[Numpy-discussion] testing with amd libm/acml
Dag Sverre Seljebotn
Thu Nov 8 12:56:27 CST 2012
On 11/08/2012 07:55 PM, Dag Sverre Seljebotn wrote:
> On 11/08/2012 06:59 PM, Francesc Alted wrote:
>> On 11/8/12 6:38 PM, Dag Sverre Seljebotn wrote:
>>> On 11/08/2012 06:06 PM, Francesc Alted wrote:
>>>> On 11/8/12 1:41 PM, Dag Sverre Seljebotn wrote:
>>>>> On 11/07/2012 08:41 PM, Neal Becker wrote:
>>>>>> Would you expect numexpr without MKL to give a significant boost?
>>>>> If you need higher performance than what numexpr can give without
>>>>> MKL, you could look at code such as this:
>>>> Hey, that's cool. I was a bit disappointed not finding this sort of
>>>> work in open space. It seems that this lacks threading support, but
>>>> that should be easy to implement by using OpenMP directives.
>>> IMO this is the wrong place to introduce threading; each thread should
>>> call expd_v on its chunks. (Which I think is how you said numexpr
>>> currently uses VML anyway.)
>> Oh sure, but then you need a blocked engine for performing the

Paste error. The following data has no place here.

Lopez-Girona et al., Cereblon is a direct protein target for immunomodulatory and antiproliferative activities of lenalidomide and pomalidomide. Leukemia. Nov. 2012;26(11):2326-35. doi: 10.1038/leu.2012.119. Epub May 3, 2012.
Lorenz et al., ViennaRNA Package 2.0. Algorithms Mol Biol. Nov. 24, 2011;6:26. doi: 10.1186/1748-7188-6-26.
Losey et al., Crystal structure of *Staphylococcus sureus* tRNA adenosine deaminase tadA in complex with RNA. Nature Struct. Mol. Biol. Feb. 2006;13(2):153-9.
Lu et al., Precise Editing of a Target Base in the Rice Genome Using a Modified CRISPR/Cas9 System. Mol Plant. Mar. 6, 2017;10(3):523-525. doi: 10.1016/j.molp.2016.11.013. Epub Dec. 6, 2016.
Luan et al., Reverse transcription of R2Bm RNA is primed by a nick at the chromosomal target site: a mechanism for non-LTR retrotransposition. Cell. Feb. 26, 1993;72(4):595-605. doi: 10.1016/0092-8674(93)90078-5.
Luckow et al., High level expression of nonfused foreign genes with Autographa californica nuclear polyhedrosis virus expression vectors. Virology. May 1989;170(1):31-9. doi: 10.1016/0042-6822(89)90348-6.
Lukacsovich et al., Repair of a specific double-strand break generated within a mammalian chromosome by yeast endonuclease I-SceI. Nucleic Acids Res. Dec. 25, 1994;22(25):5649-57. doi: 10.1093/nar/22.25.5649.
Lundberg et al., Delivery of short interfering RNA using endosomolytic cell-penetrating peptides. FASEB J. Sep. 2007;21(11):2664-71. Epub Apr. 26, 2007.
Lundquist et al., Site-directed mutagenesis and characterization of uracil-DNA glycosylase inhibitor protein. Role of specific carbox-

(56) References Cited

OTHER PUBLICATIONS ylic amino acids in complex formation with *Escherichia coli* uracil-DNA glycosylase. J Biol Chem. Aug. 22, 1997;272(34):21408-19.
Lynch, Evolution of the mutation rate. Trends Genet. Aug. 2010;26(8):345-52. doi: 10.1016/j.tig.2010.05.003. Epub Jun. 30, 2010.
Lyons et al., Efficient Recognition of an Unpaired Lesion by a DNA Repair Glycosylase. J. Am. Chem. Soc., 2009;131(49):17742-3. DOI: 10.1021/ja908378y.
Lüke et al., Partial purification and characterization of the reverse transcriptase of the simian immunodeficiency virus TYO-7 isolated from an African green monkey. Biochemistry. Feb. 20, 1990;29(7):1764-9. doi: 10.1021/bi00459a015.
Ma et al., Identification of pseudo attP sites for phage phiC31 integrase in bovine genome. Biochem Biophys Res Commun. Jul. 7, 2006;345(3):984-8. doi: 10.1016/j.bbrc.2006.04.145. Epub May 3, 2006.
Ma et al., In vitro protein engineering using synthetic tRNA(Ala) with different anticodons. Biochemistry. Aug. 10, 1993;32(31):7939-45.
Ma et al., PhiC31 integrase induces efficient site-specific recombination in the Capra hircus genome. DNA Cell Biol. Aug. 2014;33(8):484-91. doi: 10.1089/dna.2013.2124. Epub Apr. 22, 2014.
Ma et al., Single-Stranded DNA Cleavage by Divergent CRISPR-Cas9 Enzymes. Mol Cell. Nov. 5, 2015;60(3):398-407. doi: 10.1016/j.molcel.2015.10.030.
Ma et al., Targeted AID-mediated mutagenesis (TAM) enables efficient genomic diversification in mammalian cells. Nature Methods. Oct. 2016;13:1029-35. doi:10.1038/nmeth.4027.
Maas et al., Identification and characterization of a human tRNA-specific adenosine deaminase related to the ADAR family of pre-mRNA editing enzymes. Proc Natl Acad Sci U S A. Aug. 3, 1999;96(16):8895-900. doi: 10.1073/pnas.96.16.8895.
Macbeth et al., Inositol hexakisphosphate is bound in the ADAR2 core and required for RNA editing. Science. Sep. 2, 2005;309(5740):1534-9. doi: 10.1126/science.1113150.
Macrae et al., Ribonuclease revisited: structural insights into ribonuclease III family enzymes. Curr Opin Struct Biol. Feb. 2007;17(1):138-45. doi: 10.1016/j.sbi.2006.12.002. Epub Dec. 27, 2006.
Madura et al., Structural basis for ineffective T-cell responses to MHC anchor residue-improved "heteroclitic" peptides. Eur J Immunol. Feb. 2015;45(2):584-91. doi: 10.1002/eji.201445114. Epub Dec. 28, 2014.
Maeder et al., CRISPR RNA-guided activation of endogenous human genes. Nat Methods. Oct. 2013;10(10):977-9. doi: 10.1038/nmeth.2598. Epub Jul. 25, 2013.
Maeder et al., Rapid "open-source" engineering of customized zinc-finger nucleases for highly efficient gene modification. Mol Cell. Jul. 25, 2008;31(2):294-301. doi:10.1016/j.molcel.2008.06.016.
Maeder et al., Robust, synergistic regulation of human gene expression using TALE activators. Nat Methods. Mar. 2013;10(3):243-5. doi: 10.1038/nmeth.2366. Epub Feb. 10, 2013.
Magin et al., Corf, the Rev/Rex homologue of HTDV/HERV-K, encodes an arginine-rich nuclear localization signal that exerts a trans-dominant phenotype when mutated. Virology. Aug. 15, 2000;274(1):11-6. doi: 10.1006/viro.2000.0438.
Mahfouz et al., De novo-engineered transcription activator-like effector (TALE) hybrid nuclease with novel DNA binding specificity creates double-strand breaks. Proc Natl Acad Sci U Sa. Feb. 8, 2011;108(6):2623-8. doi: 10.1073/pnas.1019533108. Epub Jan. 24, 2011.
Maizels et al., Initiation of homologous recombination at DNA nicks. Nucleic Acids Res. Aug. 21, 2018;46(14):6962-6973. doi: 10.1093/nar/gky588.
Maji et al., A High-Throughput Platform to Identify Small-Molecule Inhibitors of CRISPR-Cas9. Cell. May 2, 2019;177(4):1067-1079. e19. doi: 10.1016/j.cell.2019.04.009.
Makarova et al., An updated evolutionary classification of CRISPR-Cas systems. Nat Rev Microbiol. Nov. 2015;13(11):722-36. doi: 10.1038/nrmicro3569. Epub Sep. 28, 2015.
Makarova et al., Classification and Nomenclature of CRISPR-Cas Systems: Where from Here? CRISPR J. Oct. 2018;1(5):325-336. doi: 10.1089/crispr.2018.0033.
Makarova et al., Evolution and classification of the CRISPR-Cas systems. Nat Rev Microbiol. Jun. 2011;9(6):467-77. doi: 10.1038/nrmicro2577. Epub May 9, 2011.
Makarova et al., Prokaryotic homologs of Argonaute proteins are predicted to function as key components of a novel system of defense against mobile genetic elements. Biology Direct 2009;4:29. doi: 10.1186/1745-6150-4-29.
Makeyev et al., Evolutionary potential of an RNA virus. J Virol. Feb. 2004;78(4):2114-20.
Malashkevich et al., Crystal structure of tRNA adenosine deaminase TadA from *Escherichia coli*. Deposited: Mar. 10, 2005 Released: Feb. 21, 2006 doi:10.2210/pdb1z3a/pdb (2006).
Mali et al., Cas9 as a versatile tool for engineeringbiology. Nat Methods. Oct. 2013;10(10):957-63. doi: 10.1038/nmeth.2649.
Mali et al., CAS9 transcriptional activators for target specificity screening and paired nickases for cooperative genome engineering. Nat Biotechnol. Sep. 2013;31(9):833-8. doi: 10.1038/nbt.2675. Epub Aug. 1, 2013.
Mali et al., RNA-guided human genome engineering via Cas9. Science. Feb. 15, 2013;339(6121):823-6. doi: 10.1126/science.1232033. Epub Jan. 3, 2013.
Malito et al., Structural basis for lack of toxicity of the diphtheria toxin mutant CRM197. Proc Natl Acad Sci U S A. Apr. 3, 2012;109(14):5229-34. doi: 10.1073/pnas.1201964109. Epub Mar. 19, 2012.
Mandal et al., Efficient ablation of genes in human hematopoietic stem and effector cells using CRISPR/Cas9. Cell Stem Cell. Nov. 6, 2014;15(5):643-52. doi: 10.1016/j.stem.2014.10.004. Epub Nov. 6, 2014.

>> computations too. And yes, by default numexpr uses its own threading
> I just meant that you can use a chunked OpenMP for-loop wherever in your
> code that you call expd_v. A "five-line blocked engine", if you like :-)
> IMO that's the right location since entering/exiting OpenMP blocks takes
> some time.
>> code rather than the existing one in VML (but that can be changed by
>> playing with set_num_threads/set_vml_num_threads). It always stroked to
>> me as a little strange that the internal threading in numexpr was more
>> efficient than VML one, but I suppose this is because the latter is more
>> optimized to deal with large blocks instead of those of medium size (4K)
>> in numexpr.
> I don't know enough about numexpr to understand this :-)
> I guess I just don't see the motivation to use VML threading or why it
> should be faster? If you pass a single 4K block to a threaded VML call
> then I could easily see lots of performance problems: a)
> starting/stopping threads or signalling the threads of a pool is a
> constant overhead per "parallel section", b) unless you're very careful
> to only have VML touch the data, and VML always schedules elements in
> the exact same way, you're going to have the cache lines of that 4K
> block shuffled between L1 caches of different cores for different
c) Your "effective block size" is then 4KB/ncores.
(Unless you scale the block size by ncores).
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